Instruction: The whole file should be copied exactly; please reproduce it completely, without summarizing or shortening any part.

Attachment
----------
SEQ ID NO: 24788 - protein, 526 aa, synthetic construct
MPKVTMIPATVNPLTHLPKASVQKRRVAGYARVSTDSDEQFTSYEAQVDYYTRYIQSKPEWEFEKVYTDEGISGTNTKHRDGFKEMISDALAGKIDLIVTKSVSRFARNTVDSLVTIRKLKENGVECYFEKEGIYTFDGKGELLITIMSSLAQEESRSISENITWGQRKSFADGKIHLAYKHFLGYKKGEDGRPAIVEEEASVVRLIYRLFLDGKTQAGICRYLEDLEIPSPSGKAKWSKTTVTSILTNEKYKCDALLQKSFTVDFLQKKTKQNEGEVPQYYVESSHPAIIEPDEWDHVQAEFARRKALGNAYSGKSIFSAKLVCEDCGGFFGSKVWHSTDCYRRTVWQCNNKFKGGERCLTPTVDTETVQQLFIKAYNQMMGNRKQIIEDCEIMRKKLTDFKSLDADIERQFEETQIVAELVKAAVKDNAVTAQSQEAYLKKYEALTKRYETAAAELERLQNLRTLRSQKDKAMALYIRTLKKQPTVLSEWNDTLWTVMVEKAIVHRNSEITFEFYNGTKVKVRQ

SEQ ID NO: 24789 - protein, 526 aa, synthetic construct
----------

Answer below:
SEQ ID NO: 24788 - protein, 526 aa, synthetic construct
MPKVTMIPATVNPLTHLPKASVQKRRVAGYARVSTDSDEQFTSYEAQVDYYTRYIQSKPEWEFEKVYTDEGISGTNTKHRDGFKEMISDALAGKIDLIVTKSVSRFARNTVDSLVTIRKLKENGVECYFEKEGIYTFDGKGELLITIMSSLAQEESRSISENITWGQRKSFADGKIHLAYKHFLGYKKGEDGRPAIVEEEASVVRLIYRLFLDGKTQAGICRYLEDLEIPSPSGKAKWSKTTVTSILTNEKYKCDALLQKSFTVDFLQKKTKQNEGEVPQYYVESSHPAIIEPDEWDHVQAEFARRKALGNAYSGKSIFSAKLVCEDCGGFFGSKVWHSTDCYRRTVWQCNNKFKGGERCLTPTVDTETVQQLFIKAYNQMMGNRKQIIEDCEIMRKKLTDFKSLDADIERQFEETQIVAELVKAAVKDNAVTAQSQEAYLKKYEALTKRYETAAAELERLQNLRTLRSQKDKAMALYIRTLKKQPTVLSEWNDTLWTVMVEKAIVHRNSEITFEFYNGTKVKVRQ

SEQ ID NO: 24789 - protein, 526 aa, synthetic construct